A Delaware judge ruled in favor of Tesla investors who sued to challenge the $56 billion pay package for Tesla CEO Elon Musk, a court filing showed.
“This decision dares to ‘boldly go where no man has gone before,’ or at least where no Delaware court has tread,” the opinion stated. “The collection of features characterizing Musk’s relationship with Tesla and its directors gave him enormous influence over Tesla.”
In her ruling, the judge said, “The plaintiff is entitled to recission,” and directed the two parties to confer on a final form of order to implement her decision and to submit a joint letter identifying all issues, including fees, that need to be addressed to bring the matter to a conclusion at the trial level. The ruling may be appealed to the Delaware Supreme Court.
She added that Tesla was “unable to prove that the stockholder vote was fully informed because the proxy statement inaccurately described key directors as independent and misleadingly omitted details about the process.” That left the company “with the unenviable task of proving the fairness of the largest potential compensation plan in the history of public markets” – a task she said “proved too tall an order” despite a group of talented defense attorneys.
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Tesla’s agreement with Musk is by far the largest compensation ever provided to an executive and is a major factor in making him one of the world’s wealthiest individuals. It allows Musk to buy Tesla stock at heavily discounted prices as escalating financial and operational goals are met – though it requires him to hold the acquired stock for five years.
Musk qualified for all 12 tranches, or performance targets, in the compensation plan and wasn’t guaranteed any salary.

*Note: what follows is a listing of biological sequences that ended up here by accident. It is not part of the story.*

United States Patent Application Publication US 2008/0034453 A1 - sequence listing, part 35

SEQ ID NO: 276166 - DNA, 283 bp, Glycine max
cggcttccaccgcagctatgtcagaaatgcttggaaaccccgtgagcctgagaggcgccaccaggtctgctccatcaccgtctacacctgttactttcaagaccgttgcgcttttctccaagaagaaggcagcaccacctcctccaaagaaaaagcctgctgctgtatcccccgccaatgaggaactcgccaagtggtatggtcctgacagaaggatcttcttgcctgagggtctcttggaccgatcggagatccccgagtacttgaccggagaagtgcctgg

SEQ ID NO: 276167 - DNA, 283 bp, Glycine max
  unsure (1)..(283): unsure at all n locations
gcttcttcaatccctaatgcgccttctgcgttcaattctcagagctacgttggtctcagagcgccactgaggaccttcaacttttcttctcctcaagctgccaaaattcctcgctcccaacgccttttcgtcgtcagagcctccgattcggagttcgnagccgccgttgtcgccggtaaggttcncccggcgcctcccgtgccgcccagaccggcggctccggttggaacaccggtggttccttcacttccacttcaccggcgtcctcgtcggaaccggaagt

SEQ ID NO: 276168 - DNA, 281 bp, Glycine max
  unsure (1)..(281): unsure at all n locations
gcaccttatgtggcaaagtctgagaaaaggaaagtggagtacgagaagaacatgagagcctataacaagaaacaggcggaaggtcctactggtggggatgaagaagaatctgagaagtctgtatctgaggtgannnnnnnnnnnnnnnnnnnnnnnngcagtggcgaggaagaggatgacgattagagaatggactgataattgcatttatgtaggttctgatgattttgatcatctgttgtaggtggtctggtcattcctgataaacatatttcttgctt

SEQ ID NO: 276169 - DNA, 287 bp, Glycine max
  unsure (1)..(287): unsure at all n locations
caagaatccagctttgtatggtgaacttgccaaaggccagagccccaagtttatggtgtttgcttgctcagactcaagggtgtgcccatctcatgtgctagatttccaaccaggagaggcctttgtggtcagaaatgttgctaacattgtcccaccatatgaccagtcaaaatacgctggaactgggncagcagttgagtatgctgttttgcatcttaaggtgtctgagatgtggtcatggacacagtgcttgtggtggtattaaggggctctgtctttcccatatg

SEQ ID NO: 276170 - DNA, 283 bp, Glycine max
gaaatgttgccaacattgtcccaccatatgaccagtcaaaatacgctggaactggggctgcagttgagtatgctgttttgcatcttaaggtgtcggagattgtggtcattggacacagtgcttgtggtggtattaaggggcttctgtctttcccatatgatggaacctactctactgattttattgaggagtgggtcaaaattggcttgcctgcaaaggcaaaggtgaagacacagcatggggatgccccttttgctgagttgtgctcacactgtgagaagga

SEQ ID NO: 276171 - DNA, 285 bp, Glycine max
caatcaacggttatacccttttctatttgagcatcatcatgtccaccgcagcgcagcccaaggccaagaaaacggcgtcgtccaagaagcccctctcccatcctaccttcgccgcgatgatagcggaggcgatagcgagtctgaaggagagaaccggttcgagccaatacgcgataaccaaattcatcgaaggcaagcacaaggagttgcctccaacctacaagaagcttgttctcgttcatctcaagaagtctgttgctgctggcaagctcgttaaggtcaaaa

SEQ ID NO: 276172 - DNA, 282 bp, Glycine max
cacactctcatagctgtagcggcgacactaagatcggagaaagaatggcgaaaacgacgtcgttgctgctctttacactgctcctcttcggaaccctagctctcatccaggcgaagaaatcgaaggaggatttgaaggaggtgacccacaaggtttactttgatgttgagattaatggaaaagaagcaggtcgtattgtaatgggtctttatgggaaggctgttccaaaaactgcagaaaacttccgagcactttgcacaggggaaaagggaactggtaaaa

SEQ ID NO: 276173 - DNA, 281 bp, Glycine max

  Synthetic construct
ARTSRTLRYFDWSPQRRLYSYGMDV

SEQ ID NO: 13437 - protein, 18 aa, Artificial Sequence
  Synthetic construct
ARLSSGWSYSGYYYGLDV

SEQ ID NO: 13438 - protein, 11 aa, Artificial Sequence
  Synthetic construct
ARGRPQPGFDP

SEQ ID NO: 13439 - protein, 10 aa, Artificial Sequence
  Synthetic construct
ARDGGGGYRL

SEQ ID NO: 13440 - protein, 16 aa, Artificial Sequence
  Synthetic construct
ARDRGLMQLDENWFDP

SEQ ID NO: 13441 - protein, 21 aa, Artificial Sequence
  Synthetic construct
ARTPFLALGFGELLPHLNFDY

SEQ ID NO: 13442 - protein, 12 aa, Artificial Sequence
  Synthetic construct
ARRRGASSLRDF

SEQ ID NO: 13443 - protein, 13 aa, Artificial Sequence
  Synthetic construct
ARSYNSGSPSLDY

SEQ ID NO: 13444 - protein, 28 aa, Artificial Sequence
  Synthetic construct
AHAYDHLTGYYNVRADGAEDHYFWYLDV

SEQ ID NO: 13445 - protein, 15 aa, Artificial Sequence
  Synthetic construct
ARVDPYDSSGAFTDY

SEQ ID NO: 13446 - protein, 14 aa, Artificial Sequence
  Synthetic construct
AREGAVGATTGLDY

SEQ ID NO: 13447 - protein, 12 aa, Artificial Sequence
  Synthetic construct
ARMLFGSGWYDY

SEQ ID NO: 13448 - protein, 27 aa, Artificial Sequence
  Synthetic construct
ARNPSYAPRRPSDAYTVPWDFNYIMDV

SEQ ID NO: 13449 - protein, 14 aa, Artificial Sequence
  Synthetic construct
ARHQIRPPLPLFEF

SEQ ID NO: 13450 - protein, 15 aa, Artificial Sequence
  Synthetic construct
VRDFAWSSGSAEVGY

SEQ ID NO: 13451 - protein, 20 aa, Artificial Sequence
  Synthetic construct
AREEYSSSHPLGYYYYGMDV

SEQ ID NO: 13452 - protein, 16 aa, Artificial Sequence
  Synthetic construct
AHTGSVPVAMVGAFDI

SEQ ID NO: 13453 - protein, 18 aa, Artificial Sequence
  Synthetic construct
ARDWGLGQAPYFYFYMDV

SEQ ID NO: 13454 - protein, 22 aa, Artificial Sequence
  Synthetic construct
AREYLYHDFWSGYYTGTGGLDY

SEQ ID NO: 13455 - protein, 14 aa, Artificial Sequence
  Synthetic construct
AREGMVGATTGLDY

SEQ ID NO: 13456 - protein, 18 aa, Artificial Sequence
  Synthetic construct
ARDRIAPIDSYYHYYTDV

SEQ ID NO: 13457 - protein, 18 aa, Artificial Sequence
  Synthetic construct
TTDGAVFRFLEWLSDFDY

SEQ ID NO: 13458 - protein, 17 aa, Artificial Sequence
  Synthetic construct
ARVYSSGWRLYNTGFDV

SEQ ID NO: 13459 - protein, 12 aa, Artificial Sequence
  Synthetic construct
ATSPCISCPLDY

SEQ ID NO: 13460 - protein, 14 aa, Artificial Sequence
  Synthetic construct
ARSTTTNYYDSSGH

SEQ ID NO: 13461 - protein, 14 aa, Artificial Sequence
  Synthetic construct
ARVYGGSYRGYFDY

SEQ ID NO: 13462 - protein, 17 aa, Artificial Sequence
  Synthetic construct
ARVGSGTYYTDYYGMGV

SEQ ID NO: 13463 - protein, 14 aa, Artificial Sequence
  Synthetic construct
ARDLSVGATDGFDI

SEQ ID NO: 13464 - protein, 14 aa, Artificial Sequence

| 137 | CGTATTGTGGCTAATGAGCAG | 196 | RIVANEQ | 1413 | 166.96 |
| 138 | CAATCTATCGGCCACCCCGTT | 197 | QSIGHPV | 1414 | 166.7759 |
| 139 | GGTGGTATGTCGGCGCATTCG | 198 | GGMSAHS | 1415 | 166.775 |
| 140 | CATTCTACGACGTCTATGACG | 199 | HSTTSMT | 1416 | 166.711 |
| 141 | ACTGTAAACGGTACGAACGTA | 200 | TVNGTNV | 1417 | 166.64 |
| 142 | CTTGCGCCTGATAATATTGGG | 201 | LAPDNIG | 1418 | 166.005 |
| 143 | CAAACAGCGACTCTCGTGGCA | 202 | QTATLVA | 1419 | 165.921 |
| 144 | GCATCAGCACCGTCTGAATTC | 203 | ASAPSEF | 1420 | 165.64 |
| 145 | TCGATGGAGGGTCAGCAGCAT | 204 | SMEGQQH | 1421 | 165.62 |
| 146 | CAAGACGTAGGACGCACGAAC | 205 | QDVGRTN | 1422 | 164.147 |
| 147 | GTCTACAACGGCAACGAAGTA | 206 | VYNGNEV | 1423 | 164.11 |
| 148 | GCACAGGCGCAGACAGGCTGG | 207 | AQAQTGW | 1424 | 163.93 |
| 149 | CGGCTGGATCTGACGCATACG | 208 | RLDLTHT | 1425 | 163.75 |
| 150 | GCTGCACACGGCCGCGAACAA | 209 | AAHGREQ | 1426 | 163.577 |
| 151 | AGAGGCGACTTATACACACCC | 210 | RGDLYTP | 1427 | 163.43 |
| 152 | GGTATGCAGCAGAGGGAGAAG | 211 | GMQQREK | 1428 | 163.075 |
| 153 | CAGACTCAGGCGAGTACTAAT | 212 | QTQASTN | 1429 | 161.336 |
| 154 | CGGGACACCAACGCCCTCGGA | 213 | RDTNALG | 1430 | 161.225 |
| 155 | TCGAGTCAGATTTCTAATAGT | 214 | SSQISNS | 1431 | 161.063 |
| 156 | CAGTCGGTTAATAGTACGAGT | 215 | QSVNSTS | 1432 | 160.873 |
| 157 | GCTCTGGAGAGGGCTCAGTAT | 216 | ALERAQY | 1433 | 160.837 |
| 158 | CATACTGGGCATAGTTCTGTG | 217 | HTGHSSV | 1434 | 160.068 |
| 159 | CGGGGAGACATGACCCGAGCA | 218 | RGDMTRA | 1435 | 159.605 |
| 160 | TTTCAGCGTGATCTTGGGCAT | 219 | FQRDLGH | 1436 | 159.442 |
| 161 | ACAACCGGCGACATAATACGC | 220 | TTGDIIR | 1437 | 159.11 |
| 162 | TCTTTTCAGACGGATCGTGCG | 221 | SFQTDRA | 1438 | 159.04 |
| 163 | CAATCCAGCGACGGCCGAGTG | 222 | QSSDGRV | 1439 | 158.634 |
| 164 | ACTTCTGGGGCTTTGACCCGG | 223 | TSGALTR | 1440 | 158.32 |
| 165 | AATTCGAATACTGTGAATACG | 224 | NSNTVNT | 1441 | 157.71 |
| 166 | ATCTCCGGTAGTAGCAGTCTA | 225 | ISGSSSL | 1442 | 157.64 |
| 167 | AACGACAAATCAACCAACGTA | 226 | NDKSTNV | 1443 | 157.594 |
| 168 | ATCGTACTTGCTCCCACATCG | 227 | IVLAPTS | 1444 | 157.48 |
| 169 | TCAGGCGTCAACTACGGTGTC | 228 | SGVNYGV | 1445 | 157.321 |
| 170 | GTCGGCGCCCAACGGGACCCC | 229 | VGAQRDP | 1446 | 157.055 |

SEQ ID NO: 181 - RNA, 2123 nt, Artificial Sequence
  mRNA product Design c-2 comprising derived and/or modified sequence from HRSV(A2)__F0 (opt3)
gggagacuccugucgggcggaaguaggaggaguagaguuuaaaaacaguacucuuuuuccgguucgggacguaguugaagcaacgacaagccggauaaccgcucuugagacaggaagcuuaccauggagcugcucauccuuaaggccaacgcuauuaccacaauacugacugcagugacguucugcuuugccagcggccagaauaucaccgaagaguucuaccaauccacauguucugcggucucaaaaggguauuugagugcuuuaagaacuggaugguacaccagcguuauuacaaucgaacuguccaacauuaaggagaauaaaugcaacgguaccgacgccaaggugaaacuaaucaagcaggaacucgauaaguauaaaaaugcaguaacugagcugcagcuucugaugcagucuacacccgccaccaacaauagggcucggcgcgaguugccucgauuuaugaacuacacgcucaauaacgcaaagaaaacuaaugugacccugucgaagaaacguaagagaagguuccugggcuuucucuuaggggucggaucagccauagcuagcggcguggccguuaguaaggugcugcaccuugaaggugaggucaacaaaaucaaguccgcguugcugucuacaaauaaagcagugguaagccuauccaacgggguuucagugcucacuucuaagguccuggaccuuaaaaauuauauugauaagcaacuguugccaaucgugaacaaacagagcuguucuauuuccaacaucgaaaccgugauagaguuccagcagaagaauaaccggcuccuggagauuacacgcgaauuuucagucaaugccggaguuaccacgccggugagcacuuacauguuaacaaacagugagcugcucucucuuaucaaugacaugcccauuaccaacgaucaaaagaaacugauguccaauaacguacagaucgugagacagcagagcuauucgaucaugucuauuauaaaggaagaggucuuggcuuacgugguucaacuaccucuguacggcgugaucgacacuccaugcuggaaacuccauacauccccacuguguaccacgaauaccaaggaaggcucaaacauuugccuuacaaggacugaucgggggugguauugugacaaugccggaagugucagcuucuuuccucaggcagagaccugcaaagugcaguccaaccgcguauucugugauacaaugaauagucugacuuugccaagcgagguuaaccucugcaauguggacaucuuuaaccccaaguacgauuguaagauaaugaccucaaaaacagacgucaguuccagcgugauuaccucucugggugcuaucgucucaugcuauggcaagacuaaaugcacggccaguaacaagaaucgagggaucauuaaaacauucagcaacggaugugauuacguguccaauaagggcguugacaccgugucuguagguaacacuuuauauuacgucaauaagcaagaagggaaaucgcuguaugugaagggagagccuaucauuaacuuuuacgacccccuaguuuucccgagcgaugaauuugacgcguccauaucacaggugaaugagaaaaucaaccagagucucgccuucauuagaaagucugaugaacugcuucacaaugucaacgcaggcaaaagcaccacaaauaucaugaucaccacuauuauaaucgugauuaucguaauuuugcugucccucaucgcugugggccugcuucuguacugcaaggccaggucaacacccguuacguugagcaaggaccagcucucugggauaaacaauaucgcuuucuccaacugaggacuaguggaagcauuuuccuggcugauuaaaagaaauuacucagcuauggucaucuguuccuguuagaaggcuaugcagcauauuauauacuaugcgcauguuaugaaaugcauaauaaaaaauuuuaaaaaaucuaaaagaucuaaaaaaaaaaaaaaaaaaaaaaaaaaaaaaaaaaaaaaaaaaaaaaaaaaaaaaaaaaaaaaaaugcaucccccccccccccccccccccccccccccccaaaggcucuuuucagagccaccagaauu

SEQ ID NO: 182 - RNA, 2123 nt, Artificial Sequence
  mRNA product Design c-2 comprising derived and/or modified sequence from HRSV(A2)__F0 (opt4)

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The company argued during a week-long trial that Tesla was paying to ensure one of the world’s most dynamic entrepreneurs continued to dedicate his attention to the electric vehicle maker. Antonio Gracias, a Tesla director from 2007 to 2021, said the package is a “great deal for shareholders” because he said it led to the company’s extraordinary success.
Gracias was a compensation committee member who had longstanding business relationships with Musk and was close enough to him personally that he vacationed with the billionaire’s family, the judge noted.
Attorneys for the plaintiff, investor Richard Tornetta, said the Tesla board never told shareholders that the goals were easier to achieve than the company was acknowledging and that internal projections showed Musk was on track to qualify for large portions of the pay package.
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They also argued that the Tesla board had a duty to offer a smaller pay package or look for another CEO and that they should have required Musk to work full-time at Tesla instead of allowing him to work on other projects as well.
Musk acquired social media company Twitter in 2022, which he renamed X last year, and has launched several other startups including brain implant company Neuralink, tunneling venture the Boring Company and commercial space company SpaceX.
Musk took to X to respond to the ruling and wrote, “Never incorporate your company in the state of Delaware.”
Tesla shares were down as much as 3.6% in after-hours trading following the ruling. Year-to-date the stock is off over 22% after the automaker forecaster slower growth in 2024.
The ruling will put Tesla’s next round of compensation negotiations with Musk in the spotlight. He recently said he would be uncomfortable expanding Tesla’s AI work without having 25% voting control of the company. At the time of his comments in mid-January, Musk owned about 13% of the company.
Tesla did not immediately respond to a request for comment.
Reuters contributed to this report.
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